Six Words or Wisdom?

Good morning friends. Welcome to another patchwork of Saturday musings from me. A good day to be inside, it’s actually raining here on the prairie, which should suppress the clouds of dust that billow up every time a vehicle passes our place. (We live on a gravel road that turns to powder when it hasn’t rained for a month.)

Because the birds seemed to have disappeared a couple of weeks ago — off to find a drink somewhere, I imagined — I took in the shallow basins of water I’ve had out in the yard for their benefit. But yesterday we saw a small flock of robins in a nearby tree and later one was sitting on the bowl of water I leave out for the cats. Since it was almost empty, poor robin would have barely gotten his beak wet! So I put out the basins again.

We had a hard frost earlier this week; thermometers said -4 C. Squelched my balsam and marigolds, but we’d brought the tubs of tenders inside for the night, so I still have colorful petunias and patience plants blooming outside –and the pansies have withstood the onslaught. Yesterday the temp got up to 30C — a one heat wave that could give us the illusion that summer’s going to stay awhile!

The Ragtag Daily Prompt this morning is ILLUSION. While the warm weather may be convincing, when we see our maples completely yellow, and the maple leaves lying on the ground, we sigh and know more frosty nights are coming. It appears most grain fields have been combined already, and huge round bales of straw dot the golden stubble. The sandhill cranes will be along shortly to do the final harvest.

Inside our house I have a “Mexican hat plant” that must have been impressed by Jack & his Beanstalk and decided to do likewise. Bryophyllum diagramontianum, a type of kalanoche also known as “mother of thousands,” looks like this and grows STRAIGHT up:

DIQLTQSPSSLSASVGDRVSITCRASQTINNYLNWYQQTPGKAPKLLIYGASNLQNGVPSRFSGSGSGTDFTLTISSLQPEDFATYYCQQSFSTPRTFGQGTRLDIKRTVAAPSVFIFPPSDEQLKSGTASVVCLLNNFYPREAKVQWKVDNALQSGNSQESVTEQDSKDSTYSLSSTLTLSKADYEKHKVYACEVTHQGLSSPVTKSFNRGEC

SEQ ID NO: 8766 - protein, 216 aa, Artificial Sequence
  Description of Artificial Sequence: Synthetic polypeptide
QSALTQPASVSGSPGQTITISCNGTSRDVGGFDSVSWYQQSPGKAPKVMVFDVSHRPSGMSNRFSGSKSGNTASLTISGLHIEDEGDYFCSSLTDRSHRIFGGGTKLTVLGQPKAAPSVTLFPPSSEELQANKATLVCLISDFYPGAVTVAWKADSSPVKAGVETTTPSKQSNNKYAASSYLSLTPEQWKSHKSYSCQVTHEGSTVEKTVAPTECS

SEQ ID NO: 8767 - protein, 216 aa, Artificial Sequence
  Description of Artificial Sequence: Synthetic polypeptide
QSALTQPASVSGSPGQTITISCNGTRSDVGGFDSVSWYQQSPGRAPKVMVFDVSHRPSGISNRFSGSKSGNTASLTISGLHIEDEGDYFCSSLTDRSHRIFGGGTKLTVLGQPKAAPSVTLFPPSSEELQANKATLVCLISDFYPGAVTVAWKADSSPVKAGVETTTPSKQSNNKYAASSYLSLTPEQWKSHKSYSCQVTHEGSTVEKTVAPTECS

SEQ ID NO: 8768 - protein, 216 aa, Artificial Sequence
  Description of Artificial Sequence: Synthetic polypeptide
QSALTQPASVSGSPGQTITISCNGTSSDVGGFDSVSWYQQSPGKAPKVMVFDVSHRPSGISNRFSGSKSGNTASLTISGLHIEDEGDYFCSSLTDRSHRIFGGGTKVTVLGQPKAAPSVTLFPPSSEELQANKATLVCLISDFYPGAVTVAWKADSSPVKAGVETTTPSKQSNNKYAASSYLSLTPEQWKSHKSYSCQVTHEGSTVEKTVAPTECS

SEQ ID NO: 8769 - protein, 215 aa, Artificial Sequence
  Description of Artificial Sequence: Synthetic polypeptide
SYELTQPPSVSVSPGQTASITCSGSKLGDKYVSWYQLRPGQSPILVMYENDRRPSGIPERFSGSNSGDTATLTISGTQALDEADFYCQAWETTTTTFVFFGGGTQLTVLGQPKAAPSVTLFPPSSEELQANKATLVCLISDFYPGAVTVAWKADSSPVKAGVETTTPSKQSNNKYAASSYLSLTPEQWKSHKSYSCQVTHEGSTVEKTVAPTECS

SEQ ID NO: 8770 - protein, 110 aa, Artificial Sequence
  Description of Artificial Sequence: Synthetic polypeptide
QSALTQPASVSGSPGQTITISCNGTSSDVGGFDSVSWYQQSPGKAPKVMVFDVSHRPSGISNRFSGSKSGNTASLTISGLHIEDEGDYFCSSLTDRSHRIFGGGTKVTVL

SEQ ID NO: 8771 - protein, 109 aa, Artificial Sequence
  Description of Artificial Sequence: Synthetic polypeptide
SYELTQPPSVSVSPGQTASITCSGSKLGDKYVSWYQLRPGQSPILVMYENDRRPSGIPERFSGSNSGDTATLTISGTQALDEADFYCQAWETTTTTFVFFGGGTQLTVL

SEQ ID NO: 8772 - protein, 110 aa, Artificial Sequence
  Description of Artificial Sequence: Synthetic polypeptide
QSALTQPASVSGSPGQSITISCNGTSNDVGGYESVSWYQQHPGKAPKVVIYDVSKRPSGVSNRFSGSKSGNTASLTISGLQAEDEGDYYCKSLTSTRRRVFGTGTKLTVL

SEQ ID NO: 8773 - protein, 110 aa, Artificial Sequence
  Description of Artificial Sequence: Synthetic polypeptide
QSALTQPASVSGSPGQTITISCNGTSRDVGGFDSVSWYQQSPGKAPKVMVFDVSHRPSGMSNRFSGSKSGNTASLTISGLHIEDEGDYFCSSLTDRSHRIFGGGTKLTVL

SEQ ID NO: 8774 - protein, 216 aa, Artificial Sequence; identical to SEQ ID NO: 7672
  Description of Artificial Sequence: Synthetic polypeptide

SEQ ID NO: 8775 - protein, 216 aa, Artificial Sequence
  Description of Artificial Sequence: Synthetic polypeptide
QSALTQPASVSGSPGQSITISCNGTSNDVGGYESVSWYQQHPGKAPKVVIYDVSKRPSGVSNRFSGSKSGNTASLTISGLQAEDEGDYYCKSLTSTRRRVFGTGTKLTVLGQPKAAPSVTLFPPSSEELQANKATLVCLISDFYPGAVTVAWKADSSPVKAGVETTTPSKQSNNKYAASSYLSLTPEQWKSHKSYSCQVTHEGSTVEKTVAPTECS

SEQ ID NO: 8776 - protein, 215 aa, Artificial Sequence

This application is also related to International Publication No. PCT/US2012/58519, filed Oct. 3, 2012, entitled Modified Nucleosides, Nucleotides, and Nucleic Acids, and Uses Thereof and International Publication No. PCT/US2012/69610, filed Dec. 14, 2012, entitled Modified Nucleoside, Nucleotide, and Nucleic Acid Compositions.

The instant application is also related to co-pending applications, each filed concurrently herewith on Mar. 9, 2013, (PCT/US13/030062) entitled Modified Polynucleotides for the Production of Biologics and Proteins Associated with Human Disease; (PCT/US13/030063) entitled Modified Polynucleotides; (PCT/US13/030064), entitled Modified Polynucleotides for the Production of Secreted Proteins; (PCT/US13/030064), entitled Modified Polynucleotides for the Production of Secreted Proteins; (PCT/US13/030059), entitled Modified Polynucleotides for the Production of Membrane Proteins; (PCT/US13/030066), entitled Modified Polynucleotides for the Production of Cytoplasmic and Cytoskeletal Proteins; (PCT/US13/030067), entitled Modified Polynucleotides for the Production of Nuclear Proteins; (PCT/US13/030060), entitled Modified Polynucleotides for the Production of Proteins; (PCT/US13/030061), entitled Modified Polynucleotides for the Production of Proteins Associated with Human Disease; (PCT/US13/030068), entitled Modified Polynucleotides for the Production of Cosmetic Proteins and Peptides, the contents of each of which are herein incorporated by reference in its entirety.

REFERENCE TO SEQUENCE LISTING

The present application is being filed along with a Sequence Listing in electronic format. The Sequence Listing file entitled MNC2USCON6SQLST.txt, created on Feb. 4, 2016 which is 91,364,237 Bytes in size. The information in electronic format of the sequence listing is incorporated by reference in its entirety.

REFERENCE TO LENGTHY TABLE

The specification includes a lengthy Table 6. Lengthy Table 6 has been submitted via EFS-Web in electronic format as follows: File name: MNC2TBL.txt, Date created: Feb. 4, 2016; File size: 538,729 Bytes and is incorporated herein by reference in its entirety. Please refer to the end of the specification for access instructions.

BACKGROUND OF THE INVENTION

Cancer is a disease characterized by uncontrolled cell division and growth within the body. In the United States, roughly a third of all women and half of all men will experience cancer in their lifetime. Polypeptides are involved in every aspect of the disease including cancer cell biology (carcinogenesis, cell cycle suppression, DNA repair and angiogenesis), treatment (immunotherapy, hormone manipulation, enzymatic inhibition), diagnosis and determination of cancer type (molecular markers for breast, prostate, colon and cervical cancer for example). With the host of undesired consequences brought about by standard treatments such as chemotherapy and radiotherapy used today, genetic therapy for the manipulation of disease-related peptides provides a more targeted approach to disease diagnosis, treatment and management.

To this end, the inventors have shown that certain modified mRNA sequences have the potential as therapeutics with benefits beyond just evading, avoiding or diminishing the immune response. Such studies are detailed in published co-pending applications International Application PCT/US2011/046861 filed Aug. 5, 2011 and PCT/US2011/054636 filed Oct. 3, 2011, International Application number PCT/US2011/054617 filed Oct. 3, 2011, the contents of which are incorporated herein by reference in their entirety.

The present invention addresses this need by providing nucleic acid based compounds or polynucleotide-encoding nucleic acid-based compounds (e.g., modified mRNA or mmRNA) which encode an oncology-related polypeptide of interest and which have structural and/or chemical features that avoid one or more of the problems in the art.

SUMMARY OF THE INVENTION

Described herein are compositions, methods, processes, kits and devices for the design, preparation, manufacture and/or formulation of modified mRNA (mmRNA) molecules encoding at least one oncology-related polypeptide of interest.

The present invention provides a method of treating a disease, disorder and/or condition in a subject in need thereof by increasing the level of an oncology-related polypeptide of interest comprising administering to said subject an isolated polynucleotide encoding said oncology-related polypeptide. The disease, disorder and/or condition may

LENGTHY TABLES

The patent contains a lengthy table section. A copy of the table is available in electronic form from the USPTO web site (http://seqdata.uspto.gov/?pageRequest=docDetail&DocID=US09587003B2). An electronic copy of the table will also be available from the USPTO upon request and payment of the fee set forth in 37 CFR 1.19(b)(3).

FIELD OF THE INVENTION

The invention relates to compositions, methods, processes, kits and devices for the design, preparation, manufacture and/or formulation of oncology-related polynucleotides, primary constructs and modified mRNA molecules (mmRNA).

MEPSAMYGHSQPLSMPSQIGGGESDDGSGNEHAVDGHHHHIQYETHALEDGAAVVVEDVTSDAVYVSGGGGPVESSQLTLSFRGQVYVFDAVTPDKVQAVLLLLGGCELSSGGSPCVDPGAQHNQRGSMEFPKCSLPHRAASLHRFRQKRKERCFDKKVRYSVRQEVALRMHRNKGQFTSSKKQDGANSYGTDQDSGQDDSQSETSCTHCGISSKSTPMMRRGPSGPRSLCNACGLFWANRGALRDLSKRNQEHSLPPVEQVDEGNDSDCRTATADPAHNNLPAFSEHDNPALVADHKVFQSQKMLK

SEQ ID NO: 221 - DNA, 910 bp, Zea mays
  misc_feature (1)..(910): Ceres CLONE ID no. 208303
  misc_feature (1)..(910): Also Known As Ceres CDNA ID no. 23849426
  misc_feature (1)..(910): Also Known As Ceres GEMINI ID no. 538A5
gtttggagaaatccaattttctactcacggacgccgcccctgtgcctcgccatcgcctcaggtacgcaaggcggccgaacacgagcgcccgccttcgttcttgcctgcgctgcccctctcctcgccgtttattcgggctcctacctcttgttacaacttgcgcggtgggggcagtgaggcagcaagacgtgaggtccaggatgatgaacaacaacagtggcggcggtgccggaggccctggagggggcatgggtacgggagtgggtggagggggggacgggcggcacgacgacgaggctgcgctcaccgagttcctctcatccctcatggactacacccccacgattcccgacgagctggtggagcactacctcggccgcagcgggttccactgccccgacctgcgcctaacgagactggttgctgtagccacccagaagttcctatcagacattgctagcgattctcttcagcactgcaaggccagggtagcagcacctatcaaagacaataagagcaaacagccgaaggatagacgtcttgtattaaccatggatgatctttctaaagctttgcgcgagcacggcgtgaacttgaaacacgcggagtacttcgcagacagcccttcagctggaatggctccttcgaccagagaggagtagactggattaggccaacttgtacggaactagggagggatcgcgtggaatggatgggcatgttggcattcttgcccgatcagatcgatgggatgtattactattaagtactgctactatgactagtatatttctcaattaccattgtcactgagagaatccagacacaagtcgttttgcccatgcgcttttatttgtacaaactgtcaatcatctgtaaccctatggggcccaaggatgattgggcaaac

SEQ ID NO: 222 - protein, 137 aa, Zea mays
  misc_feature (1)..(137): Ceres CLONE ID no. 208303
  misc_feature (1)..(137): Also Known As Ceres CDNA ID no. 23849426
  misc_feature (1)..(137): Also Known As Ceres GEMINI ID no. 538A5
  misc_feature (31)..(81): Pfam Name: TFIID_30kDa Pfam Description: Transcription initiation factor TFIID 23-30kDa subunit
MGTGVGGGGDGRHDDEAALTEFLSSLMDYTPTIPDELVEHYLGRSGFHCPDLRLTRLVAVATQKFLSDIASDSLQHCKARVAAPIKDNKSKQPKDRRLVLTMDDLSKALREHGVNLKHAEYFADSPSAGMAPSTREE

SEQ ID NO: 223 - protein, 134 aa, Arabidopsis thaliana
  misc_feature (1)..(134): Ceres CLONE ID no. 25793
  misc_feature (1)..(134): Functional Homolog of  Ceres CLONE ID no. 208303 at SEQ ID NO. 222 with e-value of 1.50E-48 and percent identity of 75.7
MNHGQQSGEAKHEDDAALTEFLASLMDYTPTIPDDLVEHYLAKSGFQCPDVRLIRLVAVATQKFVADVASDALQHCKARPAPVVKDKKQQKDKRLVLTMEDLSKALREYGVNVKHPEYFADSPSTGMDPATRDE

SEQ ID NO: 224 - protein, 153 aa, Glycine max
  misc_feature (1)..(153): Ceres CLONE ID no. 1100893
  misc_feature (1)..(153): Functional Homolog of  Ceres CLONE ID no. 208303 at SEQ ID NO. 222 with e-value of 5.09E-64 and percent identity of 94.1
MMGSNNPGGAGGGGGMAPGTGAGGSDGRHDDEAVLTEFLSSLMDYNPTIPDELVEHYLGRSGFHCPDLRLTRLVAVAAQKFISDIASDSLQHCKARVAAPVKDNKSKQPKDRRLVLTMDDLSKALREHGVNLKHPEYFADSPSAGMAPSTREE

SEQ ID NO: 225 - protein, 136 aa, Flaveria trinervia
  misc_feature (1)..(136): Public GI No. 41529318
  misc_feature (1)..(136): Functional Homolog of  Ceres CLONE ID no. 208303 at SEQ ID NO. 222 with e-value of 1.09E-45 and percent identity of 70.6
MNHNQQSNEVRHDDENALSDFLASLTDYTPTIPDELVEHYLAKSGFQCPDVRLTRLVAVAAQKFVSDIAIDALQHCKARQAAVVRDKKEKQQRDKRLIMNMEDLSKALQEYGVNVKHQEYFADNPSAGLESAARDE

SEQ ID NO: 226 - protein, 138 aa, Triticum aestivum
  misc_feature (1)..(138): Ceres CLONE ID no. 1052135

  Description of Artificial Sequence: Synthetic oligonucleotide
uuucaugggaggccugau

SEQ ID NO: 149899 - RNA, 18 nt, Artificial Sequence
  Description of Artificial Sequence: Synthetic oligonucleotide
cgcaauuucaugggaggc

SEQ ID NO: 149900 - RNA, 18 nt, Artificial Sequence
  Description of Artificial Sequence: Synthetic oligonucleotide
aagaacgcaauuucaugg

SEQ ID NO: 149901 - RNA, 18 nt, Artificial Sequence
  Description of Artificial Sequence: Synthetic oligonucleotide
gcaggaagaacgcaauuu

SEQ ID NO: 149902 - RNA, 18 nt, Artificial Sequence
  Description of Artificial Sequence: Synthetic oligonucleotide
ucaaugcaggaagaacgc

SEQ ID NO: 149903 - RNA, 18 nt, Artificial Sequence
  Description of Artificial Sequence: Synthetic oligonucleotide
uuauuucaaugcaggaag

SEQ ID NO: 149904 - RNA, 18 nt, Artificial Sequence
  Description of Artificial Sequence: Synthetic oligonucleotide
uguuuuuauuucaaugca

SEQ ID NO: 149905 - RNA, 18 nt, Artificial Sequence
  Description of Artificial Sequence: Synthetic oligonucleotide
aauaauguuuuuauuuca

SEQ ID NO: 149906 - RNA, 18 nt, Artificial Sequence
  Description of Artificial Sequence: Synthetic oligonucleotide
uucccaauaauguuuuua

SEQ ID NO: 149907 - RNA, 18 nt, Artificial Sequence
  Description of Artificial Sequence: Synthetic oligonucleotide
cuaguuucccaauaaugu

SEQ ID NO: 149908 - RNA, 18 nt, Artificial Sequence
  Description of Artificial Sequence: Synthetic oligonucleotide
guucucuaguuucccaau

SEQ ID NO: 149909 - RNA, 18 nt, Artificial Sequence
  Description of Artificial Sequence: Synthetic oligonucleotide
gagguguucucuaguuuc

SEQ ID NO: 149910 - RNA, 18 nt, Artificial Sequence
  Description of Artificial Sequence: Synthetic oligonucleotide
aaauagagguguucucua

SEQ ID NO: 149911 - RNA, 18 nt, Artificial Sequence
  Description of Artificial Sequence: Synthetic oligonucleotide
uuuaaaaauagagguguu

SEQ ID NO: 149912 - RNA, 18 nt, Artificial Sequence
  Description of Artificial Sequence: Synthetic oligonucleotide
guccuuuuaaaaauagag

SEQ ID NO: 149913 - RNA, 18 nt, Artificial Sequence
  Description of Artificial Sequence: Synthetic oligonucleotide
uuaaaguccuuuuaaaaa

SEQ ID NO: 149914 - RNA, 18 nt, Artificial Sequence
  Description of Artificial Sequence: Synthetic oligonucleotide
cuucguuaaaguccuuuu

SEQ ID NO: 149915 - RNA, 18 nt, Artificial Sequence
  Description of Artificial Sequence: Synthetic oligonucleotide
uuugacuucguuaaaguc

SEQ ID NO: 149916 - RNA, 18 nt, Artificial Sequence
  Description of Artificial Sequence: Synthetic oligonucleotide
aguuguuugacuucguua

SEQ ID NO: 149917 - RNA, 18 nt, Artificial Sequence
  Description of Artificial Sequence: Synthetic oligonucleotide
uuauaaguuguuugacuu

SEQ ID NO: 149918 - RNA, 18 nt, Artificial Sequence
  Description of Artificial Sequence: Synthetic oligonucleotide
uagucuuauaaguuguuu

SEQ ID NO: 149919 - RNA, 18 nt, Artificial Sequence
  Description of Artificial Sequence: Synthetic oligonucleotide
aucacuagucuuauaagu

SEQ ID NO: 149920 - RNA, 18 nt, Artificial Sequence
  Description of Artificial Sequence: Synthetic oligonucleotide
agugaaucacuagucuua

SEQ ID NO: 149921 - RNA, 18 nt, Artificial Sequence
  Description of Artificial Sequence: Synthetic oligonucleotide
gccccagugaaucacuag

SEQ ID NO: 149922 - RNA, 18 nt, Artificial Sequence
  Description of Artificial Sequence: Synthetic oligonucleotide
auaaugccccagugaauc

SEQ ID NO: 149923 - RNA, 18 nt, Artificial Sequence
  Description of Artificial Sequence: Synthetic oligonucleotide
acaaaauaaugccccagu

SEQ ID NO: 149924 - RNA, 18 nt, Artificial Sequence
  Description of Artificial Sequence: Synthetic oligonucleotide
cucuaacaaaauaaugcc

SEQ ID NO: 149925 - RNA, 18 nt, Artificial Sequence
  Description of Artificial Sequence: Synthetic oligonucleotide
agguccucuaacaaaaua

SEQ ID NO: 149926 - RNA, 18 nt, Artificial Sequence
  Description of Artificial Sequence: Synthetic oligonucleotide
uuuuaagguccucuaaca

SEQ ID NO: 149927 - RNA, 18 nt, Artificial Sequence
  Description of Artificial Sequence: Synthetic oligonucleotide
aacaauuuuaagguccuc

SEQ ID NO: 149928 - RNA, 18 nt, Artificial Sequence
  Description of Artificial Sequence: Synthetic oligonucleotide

Whole plant of Bryophyllum daigremontianum.
Image: Dave’s Garden.com
SIX-WORD Wisdom

As to the title of this post: Six Words or Wisdom…what brought that on was seeing another Six-Word Story Prompt from Shweta. The word prompt for this week is MOTIVATION. Here’s the link, if you’re interested in checking out this prompt.

I may contribute something yet, but I’m seldom motivated to do such brief story prompts for the simple reason that it’s such a challenge to say anything really meaningful so tersely. It’s not hard to string six words together, like “No motivation for even simple tasks,” but what does that tell anybody? “Even simple tasks exhausted her now,” tells you something happened to her oomph. But what?

Anyway, once my mind started in that direction, I thought of “He wanted to, but he didn’t.” Six words, but again, nothing much revealed. On the other hand, “He who hesitates is lost,” is only five words but contains a whole chapter from the Life’s Lessons book. In other words…

“Decision is a sharp knife that cuts clean and straight. Indecision is a dull one that hacks and tears and leaves ragged edges behind.” — Jan McKeithen

Consider the six-word sagacity of “A stitch in time saves nine.” The old adage, “Least said, soonest mended,” is brilliant wisdom in four words.

In the past half-dozen decades the idea was: “Out with the old-timers’ cliches ’cause they’re meaningless to this new generation. Toss out the old anchors; this ship is sailing on to new frontiers!” But the new frontiers are getting scary; so many ships have been battered and broken on new-found rocks. Maybe there’ll be a reaching back to those old anchors again, the wisdom that got Grandma and Grandpa through tough times. Hey, I’ve even seen an article in a psychology magazine promoting self-denial!

Blogger Sue over at Jibber Jabber is wishing for a return to The Golden Rule in a Not-So-Golden World. Longing to see common courtesy in comments. She writes: “After all of this rambling on, I guess what I am really trying to say is that we are overdue to go back to our roots wherein personal integrity meant something, stood for something.

When readers comment on an article they don’t like, especially when they can comment anonymously, courteous disagreement often gives way to nastiness and name-calling. Some of my biggest shocks have been in the language Americans get into when it comes to politics and individual politicians. It’s one thing to disagree with someone, but to call any person — no matter who or for what reason — degrading names degrades the critic, too, IMO.

I hope you’ve enjoyed this post, but I think this is enough random musing. I’ve gotten sidetracked this week; now I want to get back to my articles about Jesus and the Kingdom of God.